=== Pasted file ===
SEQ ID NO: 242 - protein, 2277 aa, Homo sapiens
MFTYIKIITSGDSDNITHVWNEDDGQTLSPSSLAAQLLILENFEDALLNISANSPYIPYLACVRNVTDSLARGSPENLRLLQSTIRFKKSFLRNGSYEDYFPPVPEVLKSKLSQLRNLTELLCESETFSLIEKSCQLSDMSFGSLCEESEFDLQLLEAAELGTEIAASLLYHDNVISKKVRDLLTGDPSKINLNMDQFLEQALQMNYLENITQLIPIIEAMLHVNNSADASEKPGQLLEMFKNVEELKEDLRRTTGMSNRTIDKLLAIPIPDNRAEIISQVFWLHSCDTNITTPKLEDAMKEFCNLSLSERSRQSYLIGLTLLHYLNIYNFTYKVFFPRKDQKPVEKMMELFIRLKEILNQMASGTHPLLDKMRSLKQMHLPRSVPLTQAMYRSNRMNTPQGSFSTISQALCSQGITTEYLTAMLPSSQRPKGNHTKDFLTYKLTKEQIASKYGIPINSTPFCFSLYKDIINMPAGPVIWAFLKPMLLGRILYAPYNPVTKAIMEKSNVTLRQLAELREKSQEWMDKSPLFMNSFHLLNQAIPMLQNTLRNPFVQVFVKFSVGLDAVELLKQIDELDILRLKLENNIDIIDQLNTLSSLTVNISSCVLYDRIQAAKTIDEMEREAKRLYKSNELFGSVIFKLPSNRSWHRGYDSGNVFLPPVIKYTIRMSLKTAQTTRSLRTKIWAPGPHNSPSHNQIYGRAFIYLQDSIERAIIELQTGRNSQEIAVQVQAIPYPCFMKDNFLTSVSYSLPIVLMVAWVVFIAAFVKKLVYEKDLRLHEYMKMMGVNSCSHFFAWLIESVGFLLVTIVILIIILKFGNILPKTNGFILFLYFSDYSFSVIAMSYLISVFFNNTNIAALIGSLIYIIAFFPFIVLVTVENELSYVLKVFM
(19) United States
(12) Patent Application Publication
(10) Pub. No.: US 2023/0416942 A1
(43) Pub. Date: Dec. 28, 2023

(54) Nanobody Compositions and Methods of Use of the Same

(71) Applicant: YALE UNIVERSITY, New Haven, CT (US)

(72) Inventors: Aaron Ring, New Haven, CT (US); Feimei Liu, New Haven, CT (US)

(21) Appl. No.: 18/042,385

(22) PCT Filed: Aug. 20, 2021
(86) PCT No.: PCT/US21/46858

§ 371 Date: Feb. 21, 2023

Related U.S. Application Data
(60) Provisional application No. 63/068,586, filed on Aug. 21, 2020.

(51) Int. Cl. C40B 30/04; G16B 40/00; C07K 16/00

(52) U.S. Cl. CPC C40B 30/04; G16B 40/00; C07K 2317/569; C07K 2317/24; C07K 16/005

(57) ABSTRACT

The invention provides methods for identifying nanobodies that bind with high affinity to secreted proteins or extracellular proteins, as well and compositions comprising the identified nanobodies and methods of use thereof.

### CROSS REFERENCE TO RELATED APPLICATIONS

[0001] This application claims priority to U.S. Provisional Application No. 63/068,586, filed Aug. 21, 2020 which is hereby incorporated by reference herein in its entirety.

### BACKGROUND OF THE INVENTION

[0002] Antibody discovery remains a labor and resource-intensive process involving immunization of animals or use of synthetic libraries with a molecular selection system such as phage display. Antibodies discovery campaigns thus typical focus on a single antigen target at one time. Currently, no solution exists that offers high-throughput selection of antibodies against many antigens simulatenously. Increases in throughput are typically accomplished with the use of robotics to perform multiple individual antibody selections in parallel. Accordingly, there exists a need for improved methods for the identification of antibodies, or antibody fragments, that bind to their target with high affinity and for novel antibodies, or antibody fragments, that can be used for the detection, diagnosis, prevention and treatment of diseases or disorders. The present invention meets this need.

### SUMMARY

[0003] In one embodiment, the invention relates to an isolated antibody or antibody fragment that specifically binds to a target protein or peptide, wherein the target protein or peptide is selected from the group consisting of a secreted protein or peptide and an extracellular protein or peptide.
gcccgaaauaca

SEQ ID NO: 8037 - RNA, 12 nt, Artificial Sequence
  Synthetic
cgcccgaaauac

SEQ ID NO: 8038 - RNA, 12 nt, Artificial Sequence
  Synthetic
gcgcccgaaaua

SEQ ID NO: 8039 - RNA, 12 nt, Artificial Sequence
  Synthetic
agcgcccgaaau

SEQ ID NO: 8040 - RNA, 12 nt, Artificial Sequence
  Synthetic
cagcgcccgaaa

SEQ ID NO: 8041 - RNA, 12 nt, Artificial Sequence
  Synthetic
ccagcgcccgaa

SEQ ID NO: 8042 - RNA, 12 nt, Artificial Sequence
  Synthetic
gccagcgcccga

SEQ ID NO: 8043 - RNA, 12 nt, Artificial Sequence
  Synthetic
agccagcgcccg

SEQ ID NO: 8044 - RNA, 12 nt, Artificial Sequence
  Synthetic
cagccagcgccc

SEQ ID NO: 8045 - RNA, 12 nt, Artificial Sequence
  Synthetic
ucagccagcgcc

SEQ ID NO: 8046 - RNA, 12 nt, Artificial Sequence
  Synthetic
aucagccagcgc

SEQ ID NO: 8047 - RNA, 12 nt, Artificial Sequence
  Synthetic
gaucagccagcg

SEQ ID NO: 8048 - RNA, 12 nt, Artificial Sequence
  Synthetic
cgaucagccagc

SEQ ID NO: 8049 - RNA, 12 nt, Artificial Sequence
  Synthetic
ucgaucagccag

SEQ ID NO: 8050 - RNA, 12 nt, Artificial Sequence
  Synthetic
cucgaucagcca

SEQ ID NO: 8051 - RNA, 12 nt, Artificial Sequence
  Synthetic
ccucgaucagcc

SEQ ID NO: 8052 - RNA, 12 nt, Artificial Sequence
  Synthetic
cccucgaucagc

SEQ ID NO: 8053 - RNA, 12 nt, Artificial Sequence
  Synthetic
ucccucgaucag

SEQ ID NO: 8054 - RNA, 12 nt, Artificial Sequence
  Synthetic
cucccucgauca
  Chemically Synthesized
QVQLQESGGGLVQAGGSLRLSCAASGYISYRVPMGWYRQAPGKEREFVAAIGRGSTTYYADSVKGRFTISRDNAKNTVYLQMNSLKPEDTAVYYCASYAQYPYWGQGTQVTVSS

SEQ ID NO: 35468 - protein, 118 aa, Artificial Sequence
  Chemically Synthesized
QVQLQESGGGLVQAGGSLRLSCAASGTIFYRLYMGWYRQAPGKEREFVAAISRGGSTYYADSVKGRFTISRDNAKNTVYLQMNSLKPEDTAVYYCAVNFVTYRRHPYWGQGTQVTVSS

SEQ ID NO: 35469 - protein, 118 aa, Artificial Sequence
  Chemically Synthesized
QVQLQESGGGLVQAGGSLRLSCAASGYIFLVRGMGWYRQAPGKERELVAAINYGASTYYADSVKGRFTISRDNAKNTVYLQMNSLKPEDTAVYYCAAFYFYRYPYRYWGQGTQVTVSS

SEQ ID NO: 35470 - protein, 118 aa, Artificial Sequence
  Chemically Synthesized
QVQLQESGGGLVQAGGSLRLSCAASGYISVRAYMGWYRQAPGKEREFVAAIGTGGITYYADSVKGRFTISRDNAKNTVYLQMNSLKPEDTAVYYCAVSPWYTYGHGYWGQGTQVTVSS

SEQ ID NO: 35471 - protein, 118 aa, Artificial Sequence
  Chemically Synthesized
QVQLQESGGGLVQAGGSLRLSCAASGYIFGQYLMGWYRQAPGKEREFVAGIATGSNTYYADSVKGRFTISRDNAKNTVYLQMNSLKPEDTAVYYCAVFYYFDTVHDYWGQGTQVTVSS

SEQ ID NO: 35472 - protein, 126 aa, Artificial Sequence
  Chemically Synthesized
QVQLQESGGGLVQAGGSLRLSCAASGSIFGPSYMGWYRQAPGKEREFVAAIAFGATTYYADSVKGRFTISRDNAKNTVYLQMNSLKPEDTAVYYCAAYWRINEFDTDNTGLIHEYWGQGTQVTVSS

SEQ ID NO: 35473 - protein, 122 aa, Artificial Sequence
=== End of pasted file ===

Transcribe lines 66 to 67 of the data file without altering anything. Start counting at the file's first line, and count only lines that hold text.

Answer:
SEQ ID NO: 8050 - RNA, 12 nt, Artificial Sequence
  Synthetic